2.19.18 — Loving a Wall


“Something there is that doesn’t love a wall.” Ai Weiwei would have to approve, for he is making art from breaking through. He has built fences throughout New York—and then penetrated them with images of those whom global politics have fenced out. Yet in straying so far is he still making political art?

You almost surely know the opening to “Mending Wall,” by Robert Frost, and the Chinese artist is tunneling under walls just by quoting one of the best-known poems in English. He calls the work Good Fences Make Good Neighbors after an insistent refrain. Frost’s neighbor repeats it to end the poem, and one can imagine him mouthing it again and again, to the poet’s dismay. from Ai Weiwei's Good Fences Make Good Neighbors (photo by John Haber, 2017)Something about private property, chauvinism, and other barriers is as hard to detach from American ideals of liberty as a chain-link fence—but then so is breaking through and breaking away. Ai this fall and winter appropriated still more western culture with a canopy under Washington Square arch. The tall passage through its fencing takes the shape of a person huddling over another to provide comfort or protection, after Marcel Duchamp.

With hundreds of objects and images to boot, Ai is luring admirers into corners of the city that even New Yorkers may not know as well as he—from bus shelters in Brooklyn, the Bronx, and Harlem to the Essex Street Market on the Lower East Side. They extend to a symbol of internationalism as diversity and community, the Unisphere in Flushing Meadow in Queens, left over from the 1964 World’s Fair. He is breaking boundaries just by infiltrating public and private spaces, from newsstands to rooftops. Only he is doing so by building fences. One offers the creature comforts of a hammock made of tubular netting, while another lets you stroll right in without so much as touching the appropriated subway turnstiles to either side. Yet fences they remain.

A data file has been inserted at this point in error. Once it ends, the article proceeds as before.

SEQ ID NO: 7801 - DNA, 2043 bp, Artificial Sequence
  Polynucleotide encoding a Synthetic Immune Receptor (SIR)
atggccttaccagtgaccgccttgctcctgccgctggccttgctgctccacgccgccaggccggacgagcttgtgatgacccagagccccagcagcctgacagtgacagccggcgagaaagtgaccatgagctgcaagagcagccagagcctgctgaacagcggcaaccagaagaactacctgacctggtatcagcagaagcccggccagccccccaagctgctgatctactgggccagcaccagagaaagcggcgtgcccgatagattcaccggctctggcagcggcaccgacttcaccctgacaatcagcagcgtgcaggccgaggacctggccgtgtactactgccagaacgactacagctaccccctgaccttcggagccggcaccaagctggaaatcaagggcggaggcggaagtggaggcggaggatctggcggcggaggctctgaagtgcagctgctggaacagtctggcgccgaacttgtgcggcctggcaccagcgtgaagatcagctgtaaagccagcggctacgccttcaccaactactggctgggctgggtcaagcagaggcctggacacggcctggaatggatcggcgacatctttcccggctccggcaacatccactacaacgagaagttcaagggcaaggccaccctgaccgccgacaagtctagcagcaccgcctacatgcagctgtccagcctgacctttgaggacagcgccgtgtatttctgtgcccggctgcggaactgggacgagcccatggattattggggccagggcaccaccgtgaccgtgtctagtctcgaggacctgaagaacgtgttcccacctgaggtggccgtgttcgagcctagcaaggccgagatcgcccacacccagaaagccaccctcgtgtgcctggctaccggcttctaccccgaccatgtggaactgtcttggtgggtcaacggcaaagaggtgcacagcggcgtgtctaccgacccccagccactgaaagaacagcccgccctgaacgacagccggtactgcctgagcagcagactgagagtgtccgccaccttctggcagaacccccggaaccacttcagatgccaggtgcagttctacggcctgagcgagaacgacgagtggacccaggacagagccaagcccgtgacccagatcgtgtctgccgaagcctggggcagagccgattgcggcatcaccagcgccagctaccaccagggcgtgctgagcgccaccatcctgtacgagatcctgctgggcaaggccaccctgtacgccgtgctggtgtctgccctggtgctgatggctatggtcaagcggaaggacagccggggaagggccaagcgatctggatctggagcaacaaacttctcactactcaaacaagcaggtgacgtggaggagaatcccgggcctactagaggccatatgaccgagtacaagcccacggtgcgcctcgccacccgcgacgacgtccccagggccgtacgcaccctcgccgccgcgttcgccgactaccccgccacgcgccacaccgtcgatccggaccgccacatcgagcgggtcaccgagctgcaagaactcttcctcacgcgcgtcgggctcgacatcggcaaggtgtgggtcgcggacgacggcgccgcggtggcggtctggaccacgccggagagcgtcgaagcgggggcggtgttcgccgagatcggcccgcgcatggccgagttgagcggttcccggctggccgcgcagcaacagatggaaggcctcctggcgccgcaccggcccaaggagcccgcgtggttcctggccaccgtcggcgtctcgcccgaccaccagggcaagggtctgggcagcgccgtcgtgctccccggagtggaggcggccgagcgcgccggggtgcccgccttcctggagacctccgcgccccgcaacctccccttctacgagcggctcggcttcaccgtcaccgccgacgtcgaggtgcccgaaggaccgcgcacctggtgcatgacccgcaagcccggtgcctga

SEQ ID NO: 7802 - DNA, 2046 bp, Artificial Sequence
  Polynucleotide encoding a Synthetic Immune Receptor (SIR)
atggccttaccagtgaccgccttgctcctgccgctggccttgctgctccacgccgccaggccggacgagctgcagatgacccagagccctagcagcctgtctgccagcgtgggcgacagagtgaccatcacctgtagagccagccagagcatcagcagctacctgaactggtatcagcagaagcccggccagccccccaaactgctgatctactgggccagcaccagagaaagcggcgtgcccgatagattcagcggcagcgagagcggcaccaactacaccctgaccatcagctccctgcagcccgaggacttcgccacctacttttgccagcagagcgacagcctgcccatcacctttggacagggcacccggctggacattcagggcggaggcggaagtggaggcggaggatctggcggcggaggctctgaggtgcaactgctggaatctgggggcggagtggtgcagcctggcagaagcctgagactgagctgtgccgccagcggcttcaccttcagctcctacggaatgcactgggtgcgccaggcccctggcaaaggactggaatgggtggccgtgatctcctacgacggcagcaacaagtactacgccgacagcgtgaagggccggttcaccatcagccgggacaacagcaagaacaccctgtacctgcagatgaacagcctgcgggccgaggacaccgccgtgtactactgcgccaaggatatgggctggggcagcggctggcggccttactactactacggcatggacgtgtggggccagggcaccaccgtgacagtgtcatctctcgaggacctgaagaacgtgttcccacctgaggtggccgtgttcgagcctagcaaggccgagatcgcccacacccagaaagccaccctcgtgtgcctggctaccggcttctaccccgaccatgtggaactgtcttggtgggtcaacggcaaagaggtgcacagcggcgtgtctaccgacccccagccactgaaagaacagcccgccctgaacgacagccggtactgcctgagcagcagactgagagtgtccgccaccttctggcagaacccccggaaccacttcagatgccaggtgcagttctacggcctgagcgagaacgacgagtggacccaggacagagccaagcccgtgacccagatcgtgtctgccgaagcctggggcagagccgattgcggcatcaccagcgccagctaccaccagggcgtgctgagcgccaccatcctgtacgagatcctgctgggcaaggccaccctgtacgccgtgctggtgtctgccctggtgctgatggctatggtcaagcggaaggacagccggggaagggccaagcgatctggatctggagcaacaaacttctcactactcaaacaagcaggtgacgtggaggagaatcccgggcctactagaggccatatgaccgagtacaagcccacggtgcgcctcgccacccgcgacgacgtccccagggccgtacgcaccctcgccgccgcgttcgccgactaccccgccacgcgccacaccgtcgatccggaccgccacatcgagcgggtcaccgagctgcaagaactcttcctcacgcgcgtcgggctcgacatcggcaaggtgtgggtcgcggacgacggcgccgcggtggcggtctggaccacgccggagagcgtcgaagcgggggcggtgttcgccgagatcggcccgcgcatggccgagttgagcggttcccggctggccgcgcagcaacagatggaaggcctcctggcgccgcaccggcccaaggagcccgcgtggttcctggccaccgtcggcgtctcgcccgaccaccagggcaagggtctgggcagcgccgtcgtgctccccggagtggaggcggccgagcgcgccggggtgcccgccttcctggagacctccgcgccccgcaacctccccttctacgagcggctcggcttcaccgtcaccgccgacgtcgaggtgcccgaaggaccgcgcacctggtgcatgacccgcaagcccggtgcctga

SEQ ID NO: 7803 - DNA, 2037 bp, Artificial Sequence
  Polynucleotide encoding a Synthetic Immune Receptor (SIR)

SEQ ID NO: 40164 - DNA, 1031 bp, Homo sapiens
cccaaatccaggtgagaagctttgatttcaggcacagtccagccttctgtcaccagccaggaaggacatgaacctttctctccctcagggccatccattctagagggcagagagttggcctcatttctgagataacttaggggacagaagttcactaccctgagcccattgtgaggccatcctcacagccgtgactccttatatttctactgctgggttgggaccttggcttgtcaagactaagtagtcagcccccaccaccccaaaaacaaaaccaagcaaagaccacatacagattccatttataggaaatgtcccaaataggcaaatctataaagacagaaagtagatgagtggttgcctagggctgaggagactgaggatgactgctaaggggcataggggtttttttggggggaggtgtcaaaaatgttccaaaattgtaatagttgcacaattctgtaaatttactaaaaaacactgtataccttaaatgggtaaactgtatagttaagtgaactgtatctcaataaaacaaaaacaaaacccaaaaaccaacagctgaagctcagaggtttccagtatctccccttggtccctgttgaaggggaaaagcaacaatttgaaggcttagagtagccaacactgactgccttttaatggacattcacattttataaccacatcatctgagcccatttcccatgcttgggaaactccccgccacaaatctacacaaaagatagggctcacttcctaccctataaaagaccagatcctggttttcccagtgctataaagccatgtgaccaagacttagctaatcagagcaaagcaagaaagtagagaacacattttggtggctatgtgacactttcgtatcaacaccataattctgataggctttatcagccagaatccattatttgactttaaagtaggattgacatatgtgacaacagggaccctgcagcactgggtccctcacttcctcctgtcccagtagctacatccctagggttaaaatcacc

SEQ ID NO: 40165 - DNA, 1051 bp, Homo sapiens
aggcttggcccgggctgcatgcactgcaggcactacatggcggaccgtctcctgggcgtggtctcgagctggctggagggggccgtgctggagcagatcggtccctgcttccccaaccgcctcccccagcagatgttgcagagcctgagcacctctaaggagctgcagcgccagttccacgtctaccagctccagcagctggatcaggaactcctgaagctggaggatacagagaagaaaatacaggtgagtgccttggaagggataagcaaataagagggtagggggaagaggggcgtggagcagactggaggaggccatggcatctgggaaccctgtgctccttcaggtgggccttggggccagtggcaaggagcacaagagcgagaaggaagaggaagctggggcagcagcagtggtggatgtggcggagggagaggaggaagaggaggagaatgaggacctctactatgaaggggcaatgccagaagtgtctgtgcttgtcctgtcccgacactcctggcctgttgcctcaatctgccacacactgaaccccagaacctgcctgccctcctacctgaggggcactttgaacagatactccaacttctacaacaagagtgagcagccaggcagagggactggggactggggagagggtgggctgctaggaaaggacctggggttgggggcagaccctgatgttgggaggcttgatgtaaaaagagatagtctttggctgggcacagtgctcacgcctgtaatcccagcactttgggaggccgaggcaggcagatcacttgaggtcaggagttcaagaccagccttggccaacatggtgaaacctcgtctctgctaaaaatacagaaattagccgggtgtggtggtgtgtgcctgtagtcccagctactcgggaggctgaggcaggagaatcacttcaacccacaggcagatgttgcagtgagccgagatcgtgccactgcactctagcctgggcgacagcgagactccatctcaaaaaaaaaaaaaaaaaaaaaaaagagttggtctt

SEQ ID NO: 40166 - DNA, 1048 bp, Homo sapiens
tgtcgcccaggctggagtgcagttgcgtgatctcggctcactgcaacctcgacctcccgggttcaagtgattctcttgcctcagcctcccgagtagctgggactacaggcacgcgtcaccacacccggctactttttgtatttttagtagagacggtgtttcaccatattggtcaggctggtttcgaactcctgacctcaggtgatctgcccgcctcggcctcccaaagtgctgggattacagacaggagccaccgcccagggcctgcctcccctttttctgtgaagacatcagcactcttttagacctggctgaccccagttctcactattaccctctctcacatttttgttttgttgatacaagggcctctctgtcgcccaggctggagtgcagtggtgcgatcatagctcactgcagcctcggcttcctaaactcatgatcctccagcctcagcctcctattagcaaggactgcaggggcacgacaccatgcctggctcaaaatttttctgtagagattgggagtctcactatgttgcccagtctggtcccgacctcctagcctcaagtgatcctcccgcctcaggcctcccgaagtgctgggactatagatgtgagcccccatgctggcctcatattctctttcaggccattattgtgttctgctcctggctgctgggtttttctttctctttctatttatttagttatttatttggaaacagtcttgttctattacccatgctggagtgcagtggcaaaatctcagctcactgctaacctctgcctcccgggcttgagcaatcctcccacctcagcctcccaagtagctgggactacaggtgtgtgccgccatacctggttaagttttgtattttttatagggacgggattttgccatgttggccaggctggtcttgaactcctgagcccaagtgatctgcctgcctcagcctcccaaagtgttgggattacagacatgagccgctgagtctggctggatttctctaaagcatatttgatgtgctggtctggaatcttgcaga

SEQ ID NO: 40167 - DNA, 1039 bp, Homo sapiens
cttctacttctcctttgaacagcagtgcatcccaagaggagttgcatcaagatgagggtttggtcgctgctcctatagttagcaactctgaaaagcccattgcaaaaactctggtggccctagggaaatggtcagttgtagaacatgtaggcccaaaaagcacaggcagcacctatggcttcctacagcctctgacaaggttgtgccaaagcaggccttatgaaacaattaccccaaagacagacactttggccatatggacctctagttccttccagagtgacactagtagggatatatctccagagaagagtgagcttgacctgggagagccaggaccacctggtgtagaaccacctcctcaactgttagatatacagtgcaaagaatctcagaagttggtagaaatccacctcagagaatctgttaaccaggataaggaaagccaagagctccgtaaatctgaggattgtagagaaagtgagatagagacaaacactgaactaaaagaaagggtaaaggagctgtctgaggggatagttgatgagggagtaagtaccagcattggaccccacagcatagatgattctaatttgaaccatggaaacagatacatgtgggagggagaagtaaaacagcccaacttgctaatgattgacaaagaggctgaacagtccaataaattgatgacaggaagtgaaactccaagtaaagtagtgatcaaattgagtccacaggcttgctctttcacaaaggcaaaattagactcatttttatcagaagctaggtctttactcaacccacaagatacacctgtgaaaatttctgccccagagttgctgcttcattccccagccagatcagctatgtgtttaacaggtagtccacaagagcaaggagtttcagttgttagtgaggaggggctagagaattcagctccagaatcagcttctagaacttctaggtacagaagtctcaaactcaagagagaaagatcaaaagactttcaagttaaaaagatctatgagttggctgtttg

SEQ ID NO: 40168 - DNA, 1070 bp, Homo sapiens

That silhouette in Washington Square suggests a parent and child making a rough passage. Sure enough, Ai is thinking first and foremost of repression in China and the refugee crisis. He has tackled the first with past work, including his contribution to “Art and China Since 1989” at the Guggenheim. The second is on everyone’s mind as well, as with Robert Longo at the Brooklyn Museum (and I have gathered this with a report on outdoor winter sculpture as a longer review and my latest upload). Sure enough, too, Ai is thinking of America’s leading exponent of turning people away. His third large “intervention,” after the Unisphere and the arch, is a golden (or, to my mind, bright orange) cage on Central Park South just three blocks from the Trump Tower—because, you know, the Donald likes gold.

The rest is much harder to find, through February 18, and after months of trying I was still scoping it out. Allow me my apologies at once. While now formally closed, it delved so far into the city that I figured it would take weeks to remove it all. Ai, though, has the resources, and just yesterday the physical sculpture everywhere I looked was gone. You may still find bits and pieces at a bus shelter near you. Who knows?

I found quickly enough the chain-links above and between buildings or at bus stops, but not gauzy images of immigrants that convert lampposts into flagpoles. For photographs briefly in place of advertising on wireless towers (the new replacement for pay phones), Ai leans to uplifting quotes and a touristed Manhattan where New Yorkers fear to tread. As an international artist, he has the means and assistants to put this all in place. Not even Marina Abramovic is as good at getting attention, although she has walked the Great Wall of China. But then Ai knows that the wall failed to keep the invaders out.

Does that place him well above the concerns of New York? The fences look quite at home on buildings on and around the Bowery, where gentrification and homelessness are spiraling. Does his work expand the notion of barriers from international ones to real estate, or is it just innocuous and tone-deaf? Is it leveling real distinctions along with walls and fences? Regardless, it has the ambition to reveal itself slowly and marvelously. When Ai says that good fences make good neighbors, he is not altogether ironic.

From across Astor Place, the tall arched windows of the Cooper Union take on a glow even before they light up at night. Peter Cooper might have approved. In founding the college, he was breaking boundaries, too, with the ideal of a quality higher education “open and free to all.” Up close, the glow resolves into the harsh geometry of three more fences, but step back again in sunlight, for an experience that the Foundation Building’s architects might have had in mind in 1876. These cages shimmer. But then Frost’s neighbor has more in common with the poet’s dark imagination than either might admit.

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